Front Matter A Name to be Proud of Ready for Sea The King's Gift Why I am an Adventurer The Signal for Departure A Lad's Portion The Allotment of Land An Unexpected Delay Our Arrival at Cowes We Put to Sea The Dove Disappears A Second Tempest An Unseemly Christmas The Port of Barbadoes The Arrival of the Dove Under Sail Again The Land of America The Land Given by the King Fear of the Brown Men Where to Build the City Taking the Island A Voyage of Discovery Visiting the Indians An Unexpected Meeting Captain Fleet's Story An Indian Werowance Indian vs. English Claims Seeking a Place for the City The Bargain The Village of Yaocomico What the Indians Look Like Indian Weapons and Tools Landing the Goods Counting Our Blessings The Susquehanoughs A Land of Abundance Buying Cattle Storehouse and Fort A Visitor from Virginia A Talk with the Indians Running up the Colors Settling Down Master William Claiborne Lord Baltimore's Claims Stirring up the Indians Winning Back the Indians Busy Times Indian Women as Servants Making a Canoe A Boat of Bark Indian Money A Generous Harvest Trouble at Plymouth Strange Religious Service The Dance Begins An Odd Ceremony William Claiborne's War Settlement on Kent Island We Prepare for War The Army leaves St. Mary's In Command of the Guard A Flag of Truce Captain Fleet Repents The First Prize of War A Battle is Fought The Return of the Fleet William Claiborne's Flight The City of Saint Mary's A Cruel Murder Mystery Remains Unsolved Master George Evelin A Fatal Accident Preparing for Action Ready for a Man's Duty I Wear the Uniform My New Name On Board the Pinnance Indians in War Paint The Arrival at Kent Island The Capture of the Fort Butler and Smith Captives Back to Claiborne's Fort I am Assigned New Duties A Narrow Escape Words of Praise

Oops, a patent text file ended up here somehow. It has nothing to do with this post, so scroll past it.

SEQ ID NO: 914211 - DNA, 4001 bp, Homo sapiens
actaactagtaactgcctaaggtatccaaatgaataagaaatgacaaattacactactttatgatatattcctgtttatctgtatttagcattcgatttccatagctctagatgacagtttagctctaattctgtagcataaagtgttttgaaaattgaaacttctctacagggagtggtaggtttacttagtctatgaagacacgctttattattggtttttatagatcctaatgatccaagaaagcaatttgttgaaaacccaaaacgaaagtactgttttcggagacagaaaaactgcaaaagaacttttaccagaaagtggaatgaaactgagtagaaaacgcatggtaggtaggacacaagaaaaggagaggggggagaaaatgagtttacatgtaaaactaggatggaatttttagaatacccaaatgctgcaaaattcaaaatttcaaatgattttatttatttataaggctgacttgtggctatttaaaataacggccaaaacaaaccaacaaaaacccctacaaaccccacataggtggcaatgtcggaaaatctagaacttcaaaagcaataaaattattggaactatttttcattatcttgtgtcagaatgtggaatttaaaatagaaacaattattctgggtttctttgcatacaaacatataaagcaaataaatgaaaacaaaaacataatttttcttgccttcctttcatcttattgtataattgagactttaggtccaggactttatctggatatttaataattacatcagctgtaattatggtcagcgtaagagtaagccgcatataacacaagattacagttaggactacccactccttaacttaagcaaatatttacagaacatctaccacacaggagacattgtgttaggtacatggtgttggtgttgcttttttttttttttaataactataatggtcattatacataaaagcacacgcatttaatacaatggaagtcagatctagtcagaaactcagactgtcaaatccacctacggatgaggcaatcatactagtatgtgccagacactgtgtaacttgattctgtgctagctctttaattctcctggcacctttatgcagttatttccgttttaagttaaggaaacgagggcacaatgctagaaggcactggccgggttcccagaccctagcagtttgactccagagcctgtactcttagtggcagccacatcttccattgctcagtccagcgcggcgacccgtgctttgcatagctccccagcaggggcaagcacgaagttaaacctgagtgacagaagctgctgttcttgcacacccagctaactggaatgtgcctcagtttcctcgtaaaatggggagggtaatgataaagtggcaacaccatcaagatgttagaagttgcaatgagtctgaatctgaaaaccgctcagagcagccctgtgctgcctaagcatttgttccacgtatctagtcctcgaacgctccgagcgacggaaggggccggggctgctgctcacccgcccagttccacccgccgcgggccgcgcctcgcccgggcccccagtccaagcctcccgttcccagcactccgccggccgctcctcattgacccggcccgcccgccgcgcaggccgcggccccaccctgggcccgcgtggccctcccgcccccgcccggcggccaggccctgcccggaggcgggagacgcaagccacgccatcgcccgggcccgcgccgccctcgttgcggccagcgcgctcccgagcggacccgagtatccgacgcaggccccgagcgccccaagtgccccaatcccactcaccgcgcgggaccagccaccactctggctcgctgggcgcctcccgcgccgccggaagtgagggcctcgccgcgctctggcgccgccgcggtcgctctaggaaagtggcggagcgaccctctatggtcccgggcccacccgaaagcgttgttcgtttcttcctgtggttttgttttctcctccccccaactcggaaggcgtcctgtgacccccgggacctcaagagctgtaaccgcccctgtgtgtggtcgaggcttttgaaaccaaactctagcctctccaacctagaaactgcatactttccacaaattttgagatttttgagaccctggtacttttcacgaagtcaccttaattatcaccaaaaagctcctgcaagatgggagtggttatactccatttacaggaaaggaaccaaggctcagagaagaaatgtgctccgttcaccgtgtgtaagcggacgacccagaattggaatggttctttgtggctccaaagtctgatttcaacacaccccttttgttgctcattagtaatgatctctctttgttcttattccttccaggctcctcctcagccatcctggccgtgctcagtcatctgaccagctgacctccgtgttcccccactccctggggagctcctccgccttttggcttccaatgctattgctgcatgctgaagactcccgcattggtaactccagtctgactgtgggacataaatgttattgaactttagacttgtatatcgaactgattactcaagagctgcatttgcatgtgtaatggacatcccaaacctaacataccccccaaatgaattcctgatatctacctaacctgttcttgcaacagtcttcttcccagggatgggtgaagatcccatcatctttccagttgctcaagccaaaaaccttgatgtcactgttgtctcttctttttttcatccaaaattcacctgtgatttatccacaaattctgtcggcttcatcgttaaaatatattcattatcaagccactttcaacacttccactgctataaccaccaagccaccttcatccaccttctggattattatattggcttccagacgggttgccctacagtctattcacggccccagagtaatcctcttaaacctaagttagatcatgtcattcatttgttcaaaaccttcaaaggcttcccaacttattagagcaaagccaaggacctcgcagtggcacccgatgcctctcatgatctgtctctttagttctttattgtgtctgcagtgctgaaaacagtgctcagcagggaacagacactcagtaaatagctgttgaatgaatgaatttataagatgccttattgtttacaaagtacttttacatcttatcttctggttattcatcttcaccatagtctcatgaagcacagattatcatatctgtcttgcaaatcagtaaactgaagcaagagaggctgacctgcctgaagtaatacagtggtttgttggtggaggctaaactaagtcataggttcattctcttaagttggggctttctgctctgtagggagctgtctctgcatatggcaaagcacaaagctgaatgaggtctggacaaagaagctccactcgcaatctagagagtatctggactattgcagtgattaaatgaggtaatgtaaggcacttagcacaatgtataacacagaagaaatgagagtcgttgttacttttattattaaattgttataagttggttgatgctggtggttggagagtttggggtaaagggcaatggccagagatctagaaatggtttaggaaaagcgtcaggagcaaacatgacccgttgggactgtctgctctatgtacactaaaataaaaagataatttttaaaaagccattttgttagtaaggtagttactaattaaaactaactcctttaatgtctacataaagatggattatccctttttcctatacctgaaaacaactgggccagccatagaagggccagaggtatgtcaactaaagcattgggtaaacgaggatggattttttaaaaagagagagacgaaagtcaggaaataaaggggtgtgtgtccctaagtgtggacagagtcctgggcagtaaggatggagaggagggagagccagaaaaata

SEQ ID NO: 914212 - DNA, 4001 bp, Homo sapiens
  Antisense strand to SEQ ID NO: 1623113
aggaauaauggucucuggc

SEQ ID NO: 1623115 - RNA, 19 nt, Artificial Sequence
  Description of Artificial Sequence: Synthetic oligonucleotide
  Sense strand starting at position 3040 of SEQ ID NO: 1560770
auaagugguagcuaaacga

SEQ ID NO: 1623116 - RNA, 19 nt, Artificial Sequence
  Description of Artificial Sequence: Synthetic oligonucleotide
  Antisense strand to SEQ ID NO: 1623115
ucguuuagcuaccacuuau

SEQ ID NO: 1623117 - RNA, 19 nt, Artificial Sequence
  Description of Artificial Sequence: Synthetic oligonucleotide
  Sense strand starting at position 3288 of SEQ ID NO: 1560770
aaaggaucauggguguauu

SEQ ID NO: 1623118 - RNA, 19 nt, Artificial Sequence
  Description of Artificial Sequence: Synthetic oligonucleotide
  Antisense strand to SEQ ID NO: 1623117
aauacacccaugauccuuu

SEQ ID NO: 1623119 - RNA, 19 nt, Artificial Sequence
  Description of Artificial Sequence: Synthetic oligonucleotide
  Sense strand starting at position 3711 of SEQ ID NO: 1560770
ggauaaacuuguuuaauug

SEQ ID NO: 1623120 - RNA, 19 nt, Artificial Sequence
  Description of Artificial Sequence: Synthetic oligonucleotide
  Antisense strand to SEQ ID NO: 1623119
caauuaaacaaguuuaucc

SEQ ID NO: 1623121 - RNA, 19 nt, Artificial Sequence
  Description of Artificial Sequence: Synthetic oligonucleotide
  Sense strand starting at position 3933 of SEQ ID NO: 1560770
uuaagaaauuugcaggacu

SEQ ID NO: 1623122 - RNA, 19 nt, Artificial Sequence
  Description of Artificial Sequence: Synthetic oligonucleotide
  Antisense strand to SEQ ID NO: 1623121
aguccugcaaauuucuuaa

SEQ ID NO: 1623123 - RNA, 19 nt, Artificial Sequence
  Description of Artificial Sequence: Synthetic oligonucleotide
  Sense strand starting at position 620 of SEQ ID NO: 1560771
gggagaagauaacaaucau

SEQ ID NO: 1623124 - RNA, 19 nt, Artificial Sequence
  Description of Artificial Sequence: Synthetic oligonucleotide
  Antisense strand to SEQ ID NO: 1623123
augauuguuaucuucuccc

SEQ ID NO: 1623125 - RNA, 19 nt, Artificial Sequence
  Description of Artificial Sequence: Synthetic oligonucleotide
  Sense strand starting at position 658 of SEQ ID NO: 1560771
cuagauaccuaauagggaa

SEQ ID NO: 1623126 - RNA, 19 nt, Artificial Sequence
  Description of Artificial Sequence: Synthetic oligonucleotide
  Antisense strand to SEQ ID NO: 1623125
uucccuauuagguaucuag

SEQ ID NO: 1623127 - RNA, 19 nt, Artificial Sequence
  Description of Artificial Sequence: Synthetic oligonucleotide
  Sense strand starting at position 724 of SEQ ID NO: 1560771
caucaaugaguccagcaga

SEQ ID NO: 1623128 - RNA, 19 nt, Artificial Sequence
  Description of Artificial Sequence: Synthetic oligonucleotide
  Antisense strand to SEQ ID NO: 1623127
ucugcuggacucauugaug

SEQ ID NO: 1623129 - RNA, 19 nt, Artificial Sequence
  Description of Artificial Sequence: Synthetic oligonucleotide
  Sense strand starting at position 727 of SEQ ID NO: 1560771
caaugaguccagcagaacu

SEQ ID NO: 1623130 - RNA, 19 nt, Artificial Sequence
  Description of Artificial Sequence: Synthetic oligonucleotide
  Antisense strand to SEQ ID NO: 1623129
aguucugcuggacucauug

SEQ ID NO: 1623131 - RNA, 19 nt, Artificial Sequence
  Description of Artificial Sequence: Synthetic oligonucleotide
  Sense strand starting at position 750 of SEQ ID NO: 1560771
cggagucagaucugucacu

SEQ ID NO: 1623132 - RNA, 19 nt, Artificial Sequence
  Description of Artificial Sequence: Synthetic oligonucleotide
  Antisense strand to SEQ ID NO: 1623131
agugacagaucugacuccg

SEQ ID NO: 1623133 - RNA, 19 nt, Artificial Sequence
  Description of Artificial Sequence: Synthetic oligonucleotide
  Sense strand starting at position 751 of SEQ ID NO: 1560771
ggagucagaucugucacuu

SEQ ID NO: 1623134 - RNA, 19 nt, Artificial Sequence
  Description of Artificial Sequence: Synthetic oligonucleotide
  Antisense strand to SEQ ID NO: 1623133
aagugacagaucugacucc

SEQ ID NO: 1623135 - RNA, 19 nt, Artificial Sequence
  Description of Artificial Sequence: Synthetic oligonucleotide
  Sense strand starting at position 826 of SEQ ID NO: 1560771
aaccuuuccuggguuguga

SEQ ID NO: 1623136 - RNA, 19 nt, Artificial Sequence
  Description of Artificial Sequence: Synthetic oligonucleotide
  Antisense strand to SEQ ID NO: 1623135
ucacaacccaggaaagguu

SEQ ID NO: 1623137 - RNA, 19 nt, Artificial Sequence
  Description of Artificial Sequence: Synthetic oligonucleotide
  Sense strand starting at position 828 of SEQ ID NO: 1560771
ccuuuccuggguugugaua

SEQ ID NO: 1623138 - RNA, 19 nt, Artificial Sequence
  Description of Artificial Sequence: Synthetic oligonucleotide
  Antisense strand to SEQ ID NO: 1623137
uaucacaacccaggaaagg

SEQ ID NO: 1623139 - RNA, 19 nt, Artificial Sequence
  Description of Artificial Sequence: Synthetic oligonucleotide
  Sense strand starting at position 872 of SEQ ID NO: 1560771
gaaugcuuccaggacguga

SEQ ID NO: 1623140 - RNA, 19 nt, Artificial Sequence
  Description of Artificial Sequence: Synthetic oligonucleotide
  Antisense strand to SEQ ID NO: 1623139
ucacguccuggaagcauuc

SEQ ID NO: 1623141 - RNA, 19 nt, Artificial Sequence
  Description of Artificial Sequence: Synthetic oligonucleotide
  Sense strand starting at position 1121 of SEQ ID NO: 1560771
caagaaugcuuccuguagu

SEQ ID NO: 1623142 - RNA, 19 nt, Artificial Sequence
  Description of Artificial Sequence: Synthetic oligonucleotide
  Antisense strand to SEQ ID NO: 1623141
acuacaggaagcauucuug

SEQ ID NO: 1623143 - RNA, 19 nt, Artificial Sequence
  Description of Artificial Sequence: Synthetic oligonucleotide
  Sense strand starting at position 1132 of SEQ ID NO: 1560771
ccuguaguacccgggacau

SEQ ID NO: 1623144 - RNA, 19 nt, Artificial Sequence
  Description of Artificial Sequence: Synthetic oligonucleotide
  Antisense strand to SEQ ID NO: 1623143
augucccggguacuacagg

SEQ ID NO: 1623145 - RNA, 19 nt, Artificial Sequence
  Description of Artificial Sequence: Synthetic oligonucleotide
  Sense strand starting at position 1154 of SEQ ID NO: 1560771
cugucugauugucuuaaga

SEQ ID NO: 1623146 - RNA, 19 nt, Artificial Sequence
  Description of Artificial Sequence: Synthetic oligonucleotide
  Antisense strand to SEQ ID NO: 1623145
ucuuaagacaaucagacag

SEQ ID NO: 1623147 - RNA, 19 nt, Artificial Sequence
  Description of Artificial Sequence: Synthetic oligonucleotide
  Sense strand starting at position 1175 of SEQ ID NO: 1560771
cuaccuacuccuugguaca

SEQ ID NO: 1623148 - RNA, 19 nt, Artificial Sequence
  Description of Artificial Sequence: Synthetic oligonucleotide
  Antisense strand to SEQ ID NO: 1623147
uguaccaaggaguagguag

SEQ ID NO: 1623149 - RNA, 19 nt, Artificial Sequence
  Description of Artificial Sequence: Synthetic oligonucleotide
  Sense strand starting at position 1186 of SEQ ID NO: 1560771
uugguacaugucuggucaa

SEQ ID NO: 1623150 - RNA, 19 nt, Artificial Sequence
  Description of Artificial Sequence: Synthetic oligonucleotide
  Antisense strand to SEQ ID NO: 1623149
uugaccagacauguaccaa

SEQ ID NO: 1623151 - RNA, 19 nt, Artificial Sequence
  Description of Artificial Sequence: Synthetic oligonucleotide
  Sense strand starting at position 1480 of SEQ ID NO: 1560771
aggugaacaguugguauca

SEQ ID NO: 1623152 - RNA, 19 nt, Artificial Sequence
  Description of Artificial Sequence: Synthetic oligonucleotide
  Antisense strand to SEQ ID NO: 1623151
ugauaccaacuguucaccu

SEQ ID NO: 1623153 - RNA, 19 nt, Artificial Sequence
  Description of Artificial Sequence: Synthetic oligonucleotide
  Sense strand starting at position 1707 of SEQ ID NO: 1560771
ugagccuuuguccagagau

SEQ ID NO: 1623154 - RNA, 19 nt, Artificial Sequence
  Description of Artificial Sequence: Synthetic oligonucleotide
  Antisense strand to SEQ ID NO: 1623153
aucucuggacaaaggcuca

Calvert of Maryland - James Otis

Under Sail Again

However, we remained at anchor nineteen days, and on the evening of January twenty-fourth, in the year of grace 1634, much to the relief of all, I dare venture to say, the Ark  and the Dove  were got under way.

Next day we passed the island of St. Lucia, and in the evening were come to Matalina, where we saw half a dozen strangely built boats, called canoes, in which were brown men, who, so the people of the island told us, had but lately eaten several Englishmen.

It was said that all these dark-skinned natives on the islands near about were cannibals, and truly they were not pleasing to look upon.

I had been eager to see the brown people of the New World; but this one glimpse was enough to satisfy me for all time.

[Illustration] from Calvert of Maryland by James Otis

My father declares that in the Province of Maryland we shall come upon brown people who are inclined to be friendly with those whose skins are white, and who do not make a practice of eating Englishmen.

Four and twenty hours later we were at the island of St. Christopher, where is a colony of French people, and by them we were treated with exceeding friendliness, being supplied at low cost with such stores as we stood in need of.

Here we remained two days only, for Governor Calvert was eager to continue the voyage, and gentlemen, as well as serving men, lent a hand in taking on board the goods which had been bought for our comfort and well-being.